Yesterday morning we walked to the beach and sat with a friend while her son built a driftwood house with George and Paul. The ukulele band played “Over the Rainbow”. A Portuguese man we know was a few benches down. He’s browner than I remembered.
The sun gradually dissolved the morning mist. The man that lives behind us came out to stand on the beach and watch the waves break. He returned in his wetsuit with his board under his arm. His friend wore a bikini top under her half-peel and had her board under her arm. Ocean filled their eyes.
Wave hunger grew inside me.
“When should I drive to Oregon to pick up our wetsuits and boards?” I asked Robert. Maybe I’ll go when the thought of twelve hours up and twelve hours back doesn’t overwhelm me.
“Soon,” Robert said.
By noon, my face and throat were pink from the sun. I already have the inverse-raccoon-face look: a wide white expanse around the eyes from my sunglasses and a cooked red nose and cheeks. There’s a wide-brimmed sunhat in the thrift shop window I ought to invest in.
There’s a big difference between the 45th parallel and the 37th. Portland Oregon and the French Riviera are on the 45th parallel. Santa Cruz and Sicily are on the 37th. Even in winter, sunlight has puissance (power) here.
In the afternoon, another friend walked down to meet us for the “maybe” Sunday afternoon Hoop Jam. She brought her video camera in her pull-cart with plans to do a hooper interview for a class she’s taking. But no hoops spun-jam into existence for us.
Instead, we hung out on a low concrete wall and watched the ocean. Paul raced in circles on the beach with his latest collection of small children. They played zombie-apocalypse tag with their arms held out in front like sleepwalkers. All was right with the world.
Things happen here that could never happen in France.
A man with midnight skin sashayed over to entertain us. He was Halloween incarnate and smiled like a jack-o-lantern. He wore a pumpkin-colored t-shirt over his pumpkin-shaped self under a black leather vest with his black jeans. Black and orange kerchiefs fluttered from his iron-toothed belt. A thick chrome chain clinked between his wallet and his hip pocket. A black leather cap was affixed to his shaved round head. Later, he peeled off his cap and had me read the black and orange insignia on it.
He told me he’d just arrived from Zimbabwe. Then he said he was from Nigeria. He had diamonds in his sack and he wanted me to keep an eye on it for him. I suggested he take long walk while I watched his diamonds for him.
Then he told me that the blond woman over there with the black German Shepherd was his sister.
“She’s your twin sister,” I said.
I looked them both over.
“She’s your identical twin sister.”
When he went to stand beside her, she plucked an orange scarf from his flutter and tied it around the dog’s neck.
“That’s our child,” he said. He put his arm around the blond.
I thought it would have been more perfect if she’d dyed her hair orange to match his outfit. But I could tell she wasn’t as into “the look” like he was.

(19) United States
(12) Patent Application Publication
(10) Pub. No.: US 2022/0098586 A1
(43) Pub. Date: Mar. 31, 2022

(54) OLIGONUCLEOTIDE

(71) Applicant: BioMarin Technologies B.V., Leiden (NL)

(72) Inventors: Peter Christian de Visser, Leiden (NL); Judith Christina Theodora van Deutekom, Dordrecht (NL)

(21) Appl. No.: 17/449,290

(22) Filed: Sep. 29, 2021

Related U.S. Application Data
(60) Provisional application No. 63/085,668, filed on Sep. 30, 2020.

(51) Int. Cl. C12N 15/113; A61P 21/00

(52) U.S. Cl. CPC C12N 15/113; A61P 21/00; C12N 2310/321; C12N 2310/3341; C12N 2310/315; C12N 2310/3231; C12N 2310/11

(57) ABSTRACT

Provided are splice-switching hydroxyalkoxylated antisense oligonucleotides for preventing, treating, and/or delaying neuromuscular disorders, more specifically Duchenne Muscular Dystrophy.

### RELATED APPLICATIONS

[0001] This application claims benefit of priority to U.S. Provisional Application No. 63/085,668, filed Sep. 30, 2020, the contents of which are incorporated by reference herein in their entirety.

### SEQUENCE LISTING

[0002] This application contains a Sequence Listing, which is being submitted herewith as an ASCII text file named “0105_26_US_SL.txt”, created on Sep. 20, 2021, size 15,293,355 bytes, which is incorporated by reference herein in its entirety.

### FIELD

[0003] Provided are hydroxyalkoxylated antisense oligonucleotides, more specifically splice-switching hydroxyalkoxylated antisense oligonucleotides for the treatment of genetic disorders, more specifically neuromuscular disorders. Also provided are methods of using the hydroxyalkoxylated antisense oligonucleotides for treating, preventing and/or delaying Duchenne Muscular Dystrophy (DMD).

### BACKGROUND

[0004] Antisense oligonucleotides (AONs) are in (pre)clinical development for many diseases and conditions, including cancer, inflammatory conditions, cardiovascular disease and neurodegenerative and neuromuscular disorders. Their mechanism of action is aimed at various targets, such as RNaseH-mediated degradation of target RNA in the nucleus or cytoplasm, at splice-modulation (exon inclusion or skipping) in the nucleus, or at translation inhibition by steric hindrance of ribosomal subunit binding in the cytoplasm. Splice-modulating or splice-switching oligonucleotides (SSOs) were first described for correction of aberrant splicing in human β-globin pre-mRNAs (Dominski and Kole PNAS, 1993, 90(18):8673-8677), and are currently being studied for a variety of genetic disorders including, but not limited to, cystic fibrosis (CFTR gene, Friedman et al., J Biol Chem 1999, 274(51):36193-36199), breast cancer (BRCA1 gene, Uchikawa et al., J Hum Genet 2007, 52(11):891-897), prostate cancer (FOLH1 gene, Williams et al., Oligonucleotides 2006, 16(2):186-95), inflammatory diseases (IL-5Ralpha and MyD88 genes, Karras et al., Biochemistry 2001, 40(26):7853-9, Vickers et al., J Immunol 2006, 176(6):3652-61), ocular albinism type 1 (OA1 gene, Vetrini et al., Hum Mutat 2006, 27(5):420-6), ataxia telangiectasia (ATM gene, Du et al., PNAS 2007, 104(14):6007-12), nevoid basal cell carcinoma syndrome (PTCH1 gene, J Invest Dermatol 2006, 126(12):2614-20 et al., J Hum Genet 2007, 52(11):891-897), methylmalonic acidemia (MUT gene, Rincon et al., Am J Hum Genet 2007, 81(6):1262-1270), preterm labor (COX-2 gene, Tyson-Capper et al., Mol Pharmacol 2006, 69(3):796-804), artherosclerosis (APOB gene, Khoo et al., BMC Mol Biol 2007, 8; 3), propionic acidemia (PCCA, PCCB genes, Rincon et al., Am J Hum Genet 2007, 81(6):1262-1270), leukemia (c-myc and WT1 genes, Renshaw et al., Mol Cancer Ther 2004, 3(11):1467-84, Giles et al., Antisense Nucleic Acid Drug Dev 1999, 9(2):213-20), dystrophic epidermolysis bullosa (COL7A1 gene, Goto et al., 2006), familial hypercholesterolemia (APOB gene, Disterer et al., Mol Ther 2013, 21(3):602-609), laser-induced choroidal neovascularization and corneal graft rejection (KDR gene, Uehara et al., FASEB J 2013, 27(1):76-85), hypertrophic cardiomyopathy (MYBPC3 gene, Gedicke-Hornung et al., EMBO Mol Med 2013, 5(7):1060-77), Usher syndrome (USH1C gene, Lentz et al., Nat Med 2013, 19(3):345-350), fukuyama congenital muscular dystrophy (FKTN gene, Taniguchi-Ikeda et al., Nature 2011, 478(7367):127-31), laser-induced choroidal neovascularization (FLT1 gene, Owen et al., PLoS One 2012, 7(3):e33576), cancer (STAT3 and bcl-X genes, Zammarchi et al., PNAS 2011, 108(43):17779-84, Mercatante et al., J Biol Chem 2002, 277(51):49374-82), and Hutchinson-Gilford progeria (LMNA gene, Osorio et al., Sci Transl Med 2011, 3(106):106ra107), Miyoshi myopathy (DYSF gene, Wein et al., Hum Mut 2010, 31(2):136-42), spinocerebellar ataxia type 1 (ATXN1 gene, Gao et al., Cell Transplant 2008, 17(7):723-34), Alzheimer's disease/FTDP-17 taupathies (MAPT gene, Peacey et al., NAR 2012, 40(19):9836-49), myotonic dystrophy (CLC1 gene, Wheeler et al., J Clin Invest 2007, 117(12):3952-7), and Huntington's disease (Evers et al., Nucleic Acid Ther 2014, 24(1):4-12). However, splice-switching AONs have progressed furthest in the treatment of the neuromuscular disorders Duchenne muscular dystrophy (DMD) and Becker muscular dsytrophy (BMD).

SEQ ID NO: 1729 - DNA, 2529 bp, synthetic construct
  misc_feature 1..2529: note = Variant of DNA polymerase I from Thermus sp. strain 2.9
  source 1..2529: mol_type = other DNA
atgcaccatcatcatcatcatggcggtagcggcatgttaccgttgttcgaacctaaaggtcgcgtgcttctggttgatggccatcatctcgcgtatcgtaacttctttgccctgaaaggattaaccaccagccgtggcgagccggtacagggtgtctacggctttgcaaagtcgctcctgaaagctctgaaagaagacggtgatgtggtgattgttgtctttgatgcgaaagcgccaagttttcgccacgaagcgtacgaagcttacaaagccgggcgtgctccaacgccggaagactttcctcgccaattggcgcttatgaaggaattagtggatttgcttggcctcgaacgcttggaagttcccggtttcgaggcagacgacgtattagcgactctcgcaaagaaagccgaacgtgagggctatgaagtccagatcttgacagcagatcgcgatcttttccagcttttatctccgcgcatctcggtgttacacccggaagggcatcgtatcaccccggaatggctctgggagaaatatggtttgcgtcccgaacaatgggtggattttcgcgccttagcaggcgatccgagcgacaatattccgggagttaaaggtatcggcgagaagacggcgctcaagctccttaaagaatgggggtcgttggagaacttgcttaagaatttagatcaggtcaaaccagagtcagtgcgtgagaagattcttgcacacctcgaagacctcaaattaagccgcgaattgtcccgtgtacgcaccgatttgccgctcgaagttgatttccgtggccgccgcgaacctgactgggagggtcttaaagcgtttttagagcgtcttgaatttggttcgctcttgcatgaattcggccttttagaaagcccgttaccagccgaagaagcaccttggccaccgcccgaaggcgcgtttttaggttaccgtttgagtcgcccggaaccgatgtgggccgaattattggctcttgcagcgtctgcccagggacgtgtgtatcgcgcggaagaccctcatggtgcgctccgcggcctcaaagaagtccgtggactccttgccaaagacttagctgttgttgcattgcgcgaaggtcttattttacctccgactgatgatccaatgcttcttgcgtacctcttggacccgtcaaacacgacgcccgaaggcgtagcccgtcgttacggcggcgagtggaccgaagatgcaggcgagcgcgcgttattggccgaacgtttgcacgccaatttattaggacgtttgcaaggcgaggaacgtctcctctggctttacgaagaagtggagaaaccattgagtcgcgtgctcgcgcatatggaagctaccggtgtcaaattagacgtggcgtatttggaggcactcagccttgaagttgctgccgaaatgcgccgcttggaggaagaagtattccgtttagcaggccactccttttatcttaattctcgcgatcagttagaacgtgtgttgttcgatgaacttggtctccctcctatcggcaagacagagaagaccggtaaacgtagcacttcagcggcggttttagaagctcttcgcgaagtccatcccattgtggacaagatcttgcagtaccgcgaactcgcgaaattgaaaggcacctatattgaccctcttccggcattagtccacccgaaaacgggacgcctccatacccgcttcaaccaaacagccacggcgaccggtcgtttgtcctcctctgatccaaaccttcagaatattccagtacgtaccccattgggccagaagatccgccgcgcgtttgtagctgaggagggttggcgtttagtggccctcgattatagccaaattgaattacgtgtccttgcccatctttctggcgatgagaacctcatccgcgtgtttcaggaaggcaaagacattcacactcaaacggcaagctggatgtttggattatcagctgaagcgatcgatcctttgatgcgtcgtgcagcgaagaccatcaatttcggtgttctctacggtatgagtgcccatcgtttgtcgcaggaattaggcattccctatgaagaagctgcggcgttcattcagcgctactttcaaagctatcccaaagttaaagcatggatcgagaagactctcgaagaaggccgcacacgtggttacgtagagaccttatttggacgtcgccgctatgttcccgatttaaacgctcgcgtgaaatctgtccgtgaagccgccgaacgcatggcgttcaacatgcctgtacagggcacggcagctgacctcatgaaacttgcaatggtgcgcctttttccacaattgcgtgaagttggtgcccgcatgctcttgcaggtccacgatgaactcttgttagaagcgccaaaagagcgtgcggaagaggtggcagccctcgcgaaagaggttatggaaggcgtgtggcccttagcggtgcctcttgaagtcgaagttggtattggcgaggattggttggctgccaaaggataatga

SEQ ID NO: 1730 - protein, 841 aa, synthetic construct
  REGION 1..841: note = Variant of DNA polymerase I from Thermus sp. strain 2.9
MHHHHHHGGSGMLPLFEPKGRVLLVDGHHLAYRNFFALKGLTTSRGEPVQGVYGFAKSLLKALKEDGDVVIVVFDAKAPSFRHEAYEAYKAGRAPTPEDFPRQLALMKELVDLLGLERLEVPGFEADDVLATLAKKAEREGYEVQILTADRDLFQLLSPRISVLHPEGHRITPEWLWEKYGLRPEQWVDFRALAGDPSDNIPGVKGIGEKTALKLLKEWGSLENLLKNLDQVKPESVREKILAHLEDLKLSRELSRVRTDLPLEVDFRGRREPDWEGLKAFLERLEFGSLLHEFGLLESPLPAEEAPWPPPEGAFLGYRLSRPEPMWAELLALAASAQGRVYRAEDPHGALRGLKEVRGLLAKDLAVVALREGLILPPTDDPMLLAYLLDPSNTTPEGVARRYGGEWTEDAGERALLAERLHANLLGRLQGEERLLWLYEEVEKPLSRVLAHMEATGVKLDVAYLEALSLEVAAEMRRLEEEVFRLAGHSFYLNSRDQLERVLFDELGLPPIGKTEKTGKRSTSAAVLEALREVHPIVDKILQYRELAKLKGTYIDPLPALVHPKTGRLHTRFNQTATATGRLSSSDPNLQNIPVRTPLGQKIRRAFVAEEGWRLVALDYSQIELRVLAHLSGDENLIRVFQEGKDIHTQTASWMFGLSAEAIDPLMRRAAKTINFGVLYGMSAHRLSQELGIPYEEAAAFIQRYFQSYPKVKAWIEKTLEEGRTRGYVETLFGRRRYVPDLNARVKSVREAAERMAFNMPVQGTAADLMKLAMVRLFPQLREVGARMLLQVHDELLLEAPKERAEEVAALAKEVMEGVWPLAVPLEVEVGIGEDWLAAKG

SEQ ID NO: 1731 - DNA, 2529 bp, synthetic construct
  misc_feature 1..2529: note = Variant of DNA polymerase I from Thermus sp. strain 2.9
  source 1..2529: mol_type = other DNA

I studied the dog.
Mr. Halloween’s delighted American thunder filled our side of town.
Okay. He fessed up. He wasn’t from Ethiopia. He was a Harley rider from Oklahoma. When I asked after his tattoos, he said he was too old for tattoos. I offered to show him mine. He ducked away when I pretended I’d peel up my shirt front to show him.
He started to walk away. Then he walked back. He pulled out his orange phone so I could squint at a picture of a row of motorcycles. His phone told me it was down to 11% of its power. He stood close enough that I could smell yesterday’s alcohol in his sweat.
Things happen here that could never happen in France. Other things happen in just the same way they did in France. Some things straddle the line between this and that.
Lunch and dinner were almost exactly as they would have been in France. I boiled yellow potatoes for lunch. Then for dinner, I fried the leftover potatoes in olive oil. The main difference was that these were American potatoes from American soil and the organic olive oil was not labeled with country of origin.
Bread straddles the line so far. I found a good-enough baguette at a bakery we can walk to. It costs three times what a baguette cost in France. So we won’t be eating six of these a day. Once the oven is working, I’ll go back to baking my own batons of bread. I never got the knack of the dense crisp chewy crust of a good baguette. But I can work on this. Baking my own bread is the only way I know that we can afford to eat well-enough here.
There’s a lot of things marketed as bread that have too many strange chemical ingredients in them to trust. The soft damp stuff wads into lumps when eaten rather than cracking, tearing and chewing properly.
I’ve also found small jars of our usual French jam. It costs three times as much as it did in France and the label’s in English. But it tastes almost as good.
I’ll start fermenting my kim chi again soon. Other than the soil the Chinese cabbage is grown in, this will be much the same as France. I brought two large French canning jars home. They both made it here in my suitcase.
Homeland security muddled through all our personal papers and old piano books in their efforts to make sure we’re not terrorists. But, this time, they didn’t break my jars.
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Thanks for reading.